Lubbock Artist Nearly Ready to Present National Monument of Colin Powell

Published 08/03 2014 01:17PM

Updated 08/03 2014 01:32PM

Image used here with permission of Todd Klein
Image used here with permission of Todd Klein
LUBBOCK, TX -- A nationally-known Lubbock artist, Eddie Dixon, has almost completed a bust of former Chairman of the Joints Chiefs of Staff Colin Powell. 

If all goes to plan, Dixon’s bronze sculpture of Powell will be formally unveiled September 5 in the Buffalo Soldier Memorial Park “Circle of Firsts” in Fort Leavenworth Kansas.   Powell was the first African-American to serve as the Chairman of the Joints Chiefs, and he was also a driving force behind the creation of Fort Leavenworth’s Buffalo Soldier Monument.

“I was honored that they asked me to do it, and they had confidence in me,” Dixon said.  An historical committee commissioned Dixon.

“They chose me because I had done some military pieces,” Dixon said.  Dixon also said he spoke to Powell as the bust took shape; “He thought it was very good. He liked it.”

Perhaps more importantly, Powell’s wife liked it.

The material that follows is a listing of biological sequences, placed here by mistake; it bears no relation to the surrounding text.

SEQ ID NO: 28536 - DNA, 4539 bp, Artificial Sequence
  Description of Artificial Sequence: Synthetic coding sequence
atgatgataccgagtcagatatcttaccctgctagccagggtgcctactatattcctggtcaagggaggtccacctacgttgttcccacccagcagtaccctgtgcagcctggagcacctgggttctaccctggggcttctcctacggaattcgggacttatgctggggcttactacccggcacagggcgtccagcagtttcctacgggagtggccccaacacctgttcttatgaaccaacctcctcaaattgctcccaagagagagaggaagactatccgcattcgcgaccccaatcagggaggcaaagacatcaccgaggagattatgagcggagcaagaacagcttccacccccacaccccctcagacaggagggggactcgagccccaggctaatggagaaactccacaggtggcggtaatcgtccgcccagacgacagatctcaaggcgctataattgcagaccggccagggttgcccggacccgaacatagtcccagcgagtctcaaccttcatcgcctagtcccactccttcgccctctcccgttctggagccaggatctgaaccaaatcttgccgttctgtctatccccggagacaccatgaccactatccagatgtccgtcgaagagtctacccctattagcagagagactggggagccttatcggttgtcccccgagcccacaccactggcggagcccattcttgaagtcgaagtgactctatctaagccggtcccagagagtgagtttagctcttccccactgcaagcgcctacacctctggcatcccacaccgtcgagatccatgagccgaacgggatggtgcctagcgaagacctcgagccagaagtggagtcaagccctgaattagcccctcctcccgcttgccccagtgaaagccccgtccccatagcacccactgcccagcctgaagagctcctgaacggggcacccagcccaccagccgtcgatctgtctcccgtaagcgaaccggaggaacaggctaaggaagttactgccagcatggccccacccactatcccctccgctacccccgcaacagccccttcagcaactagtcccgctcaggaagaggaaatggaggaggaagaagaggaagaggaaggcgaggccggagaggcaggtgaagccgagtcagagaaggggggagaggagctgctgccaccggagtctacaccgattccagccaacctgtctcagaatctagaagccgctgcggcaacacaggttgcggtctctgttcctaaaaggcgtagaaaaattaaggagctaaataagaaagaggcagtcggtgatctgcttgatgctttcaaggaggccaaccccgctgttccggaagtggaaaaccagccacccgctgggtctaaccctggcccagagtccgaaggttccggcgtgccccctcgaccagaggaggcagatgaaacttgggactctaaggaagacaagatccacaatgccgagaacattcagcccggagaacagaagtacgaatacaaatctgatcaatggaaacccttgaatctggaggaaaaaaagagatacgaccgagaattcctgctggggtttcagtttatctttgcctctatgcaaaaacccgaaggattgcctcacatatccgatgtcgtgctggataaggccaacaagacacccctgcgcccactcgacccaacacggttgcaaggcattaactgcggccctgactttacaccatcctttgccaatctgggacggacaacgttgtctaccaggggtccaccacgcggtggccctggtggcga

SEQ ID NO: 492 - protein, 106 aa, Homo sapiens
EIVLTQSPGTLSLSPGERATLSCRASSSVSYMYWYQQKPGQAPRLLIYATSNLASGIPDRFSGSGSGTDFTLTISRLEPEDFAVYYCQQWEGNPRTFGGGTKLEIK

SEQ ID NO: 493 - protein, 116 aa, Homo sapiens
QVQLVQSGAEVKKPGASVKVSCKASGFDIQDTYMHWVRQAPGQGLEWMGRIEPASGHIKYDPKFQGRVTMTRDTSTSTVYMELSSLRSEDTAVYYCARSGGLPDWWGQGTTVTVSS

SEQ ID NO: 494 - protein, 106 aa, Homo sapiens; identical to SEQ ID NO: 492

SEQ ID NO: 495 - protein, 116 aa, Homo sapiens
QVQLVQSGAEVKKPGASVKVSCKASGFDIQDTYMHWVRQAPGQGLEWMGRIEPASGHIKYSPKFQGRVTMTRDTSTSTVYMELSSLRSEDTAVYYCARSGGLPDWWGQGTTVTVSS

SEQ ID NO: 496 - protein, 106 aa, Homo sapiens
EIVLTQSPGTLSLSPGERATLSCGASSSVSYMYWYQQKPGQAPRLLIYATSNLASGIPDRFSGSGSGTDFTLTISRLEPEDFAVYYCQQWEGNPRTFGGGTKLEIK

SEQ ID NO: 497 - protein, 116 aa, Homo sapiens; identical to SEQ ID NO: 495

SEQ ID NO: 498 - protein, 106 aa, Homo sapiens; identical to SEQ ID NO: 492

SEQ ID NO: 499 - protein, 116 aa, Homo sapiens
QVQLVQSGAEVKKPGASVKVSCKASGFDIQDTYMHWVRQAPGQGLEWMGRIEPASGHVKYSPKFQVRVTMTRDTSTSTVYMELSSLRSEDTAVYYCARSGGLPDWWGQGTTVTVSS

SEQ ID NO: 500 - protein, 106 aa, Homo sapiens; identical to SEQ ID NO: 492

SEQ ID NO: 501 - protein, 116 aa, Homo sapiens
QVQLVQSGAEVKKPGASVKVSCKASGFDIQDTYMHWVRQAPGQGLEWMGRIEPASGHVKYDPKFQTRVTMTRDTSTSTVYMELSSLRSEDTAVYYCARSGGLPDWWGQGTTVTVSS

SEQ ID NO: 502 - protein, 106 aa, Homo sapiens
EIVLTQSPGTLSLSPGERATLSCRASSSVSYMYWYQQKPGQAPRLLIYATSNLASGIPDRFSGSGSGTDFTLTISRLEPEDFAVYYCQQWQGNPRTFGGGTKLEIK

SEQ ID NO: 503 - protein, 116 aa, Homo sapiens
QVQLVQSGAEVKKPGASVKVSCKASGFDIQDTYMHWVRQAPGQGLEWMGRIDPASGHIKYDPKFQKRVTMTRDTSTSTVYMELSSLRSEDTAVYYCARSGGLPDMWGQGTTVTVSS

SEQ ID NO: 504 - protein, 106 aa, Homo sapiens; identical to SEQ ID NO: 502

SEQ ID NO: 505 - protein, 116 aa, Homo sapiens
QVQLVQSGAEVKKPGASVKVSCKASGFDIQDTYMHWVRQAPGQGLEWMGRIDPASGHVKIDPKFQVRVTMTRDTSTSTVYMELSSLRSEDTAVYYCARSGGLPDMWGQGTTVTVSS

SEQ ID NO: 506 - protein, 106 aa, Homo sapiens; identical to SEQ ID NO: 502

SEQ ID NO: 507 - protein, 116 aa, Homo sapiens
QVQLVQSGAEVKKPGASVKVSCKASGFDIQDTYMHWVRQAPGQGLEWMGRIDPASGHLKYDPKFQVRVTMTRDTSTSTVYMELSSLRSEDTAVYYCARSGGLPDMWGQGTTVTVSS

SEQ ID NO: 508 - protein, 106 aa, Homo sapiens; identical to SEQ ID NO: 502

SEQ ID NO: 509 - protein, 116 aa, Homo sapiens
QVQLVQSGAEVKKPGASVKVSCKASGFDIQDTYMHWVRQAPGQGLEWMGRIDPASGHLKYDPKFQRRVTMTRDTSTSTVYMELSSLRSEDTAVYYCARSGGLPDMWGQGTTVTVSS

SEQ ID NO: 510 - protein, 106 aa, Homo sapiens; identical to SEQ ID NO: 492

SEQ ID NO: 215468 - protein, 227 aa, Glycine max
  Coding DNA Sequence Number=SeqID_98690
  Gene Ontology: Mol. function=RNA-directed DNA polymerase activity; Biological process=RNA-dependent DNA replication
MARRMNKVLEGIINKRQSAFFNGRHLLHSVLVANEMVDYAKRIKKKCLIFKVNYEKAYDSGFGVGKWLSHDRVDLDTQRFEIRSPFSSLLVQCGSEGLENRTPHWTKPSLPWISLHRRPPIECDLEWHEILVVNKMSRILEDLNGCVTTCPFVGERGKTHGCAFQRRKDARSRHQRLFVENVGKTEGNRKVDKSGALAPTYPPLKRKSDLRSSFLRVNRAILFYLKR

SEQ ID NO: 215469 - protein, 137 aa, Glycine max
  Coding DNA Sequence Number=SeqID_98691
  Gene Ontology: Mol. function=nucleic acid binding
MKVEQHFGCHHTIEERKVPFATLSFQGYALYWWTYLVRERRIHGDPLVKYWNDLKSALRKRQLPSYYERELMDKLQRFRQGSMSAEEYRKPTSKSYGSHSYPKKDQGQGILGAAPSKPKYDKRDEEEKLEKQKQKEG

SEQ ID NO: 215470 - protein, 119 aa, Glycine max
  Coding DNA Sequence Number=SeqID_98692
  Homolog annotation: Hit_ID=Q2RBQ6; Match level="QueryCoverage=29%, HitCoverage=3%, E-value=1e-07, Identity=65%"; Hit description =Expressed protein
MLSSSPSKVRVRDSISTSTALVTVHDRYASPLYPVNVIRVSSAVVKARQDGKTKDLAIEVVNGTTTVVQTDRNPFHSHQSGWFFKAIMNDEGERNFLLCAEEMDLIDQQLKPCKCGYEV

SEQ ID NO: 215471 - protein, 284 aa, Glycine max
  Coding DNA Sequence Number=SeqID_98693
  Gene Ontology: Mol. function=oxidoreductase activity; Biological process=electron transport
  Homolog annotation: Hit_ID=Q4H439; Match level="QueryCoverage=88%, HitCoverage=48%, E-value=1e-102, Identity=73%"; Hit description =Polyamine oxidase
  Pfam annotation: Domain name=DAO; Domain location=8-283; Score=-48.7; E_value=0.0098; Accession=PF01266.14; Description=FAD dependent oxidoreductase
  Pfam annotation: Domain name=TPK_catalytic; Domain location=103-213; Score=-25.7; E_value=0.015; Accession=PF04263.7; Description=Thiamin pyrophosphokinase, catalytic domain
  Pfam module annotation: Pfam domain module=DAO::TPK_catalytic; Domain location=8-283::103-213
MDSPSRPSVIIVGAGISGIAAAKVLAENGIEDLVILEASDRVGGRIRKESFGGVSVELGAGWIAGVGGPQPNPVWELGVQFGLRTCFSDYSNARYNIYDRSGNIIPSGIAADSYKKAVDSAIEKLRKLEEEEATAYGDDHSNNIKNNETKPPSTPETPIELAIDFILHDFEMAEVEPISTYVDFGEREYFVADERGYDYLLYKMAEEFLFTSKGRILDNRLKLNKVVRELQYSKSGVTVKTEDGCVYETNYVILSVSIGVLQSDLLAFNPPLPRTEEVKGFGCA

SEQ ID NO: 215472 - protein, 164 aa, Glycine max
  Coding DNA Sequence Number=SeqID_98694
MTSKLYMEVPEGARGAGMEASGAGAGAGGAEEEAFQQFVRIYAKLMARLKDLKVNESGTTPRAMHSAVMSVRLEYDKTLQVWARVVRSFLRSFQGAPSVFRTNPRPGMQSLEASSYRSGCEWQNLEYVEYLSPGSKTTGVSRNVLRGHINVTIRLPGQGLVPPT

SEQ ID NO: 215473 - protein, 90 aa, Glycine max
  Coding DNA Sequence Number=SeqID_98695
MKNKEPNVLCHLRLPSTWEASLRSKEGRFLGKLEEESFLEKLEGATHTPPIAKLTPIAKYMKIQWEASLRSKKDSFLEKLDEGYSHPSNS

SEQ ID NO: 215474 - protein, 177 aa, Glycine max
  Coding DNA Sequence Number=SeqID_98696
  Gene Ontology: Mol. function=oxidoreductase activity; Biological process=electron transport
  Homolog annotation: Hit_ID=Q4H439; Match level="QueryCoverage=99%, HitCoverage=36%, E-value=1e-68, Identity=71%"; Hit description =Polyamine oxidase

“His wife was critiquing it - asking for changes,” Dixon said.  “She was pleased with it.  And so he was pleased with it.”

Dixon is also creating a memorial bronze sculpture of Timothy Cole which will be unveiled in mid-September at 19th Street and Univeristy Avenue.  Cole was wrongfully imprisoned for a rape he did not commit and major reforms to Texas law have been made in Cole’s name. 

Locally, Dixon is also known for his bronze sculpture of Willie McCool - an astronaut who lost his life in the 2003 shuttle Columbia. 

Nationally, his works include a 17-foot-tall memorial to the Buffalo Soldier already on display in Fort Leavenworth.   Does he have a favorite piece?

“Whenever I’m doing anything, they’re all proud pieces,” Dixon said.  “You put everything you have into them.  You’re proud of everything you do.  You do the best you can do on everything.”

Dixon said the Department of Defense has requested a change to Powell’s name plate in his bronze sculpture.  But the photograph with this story (courtesy of Todd Klein) is pretty much what the finished product will look like. 

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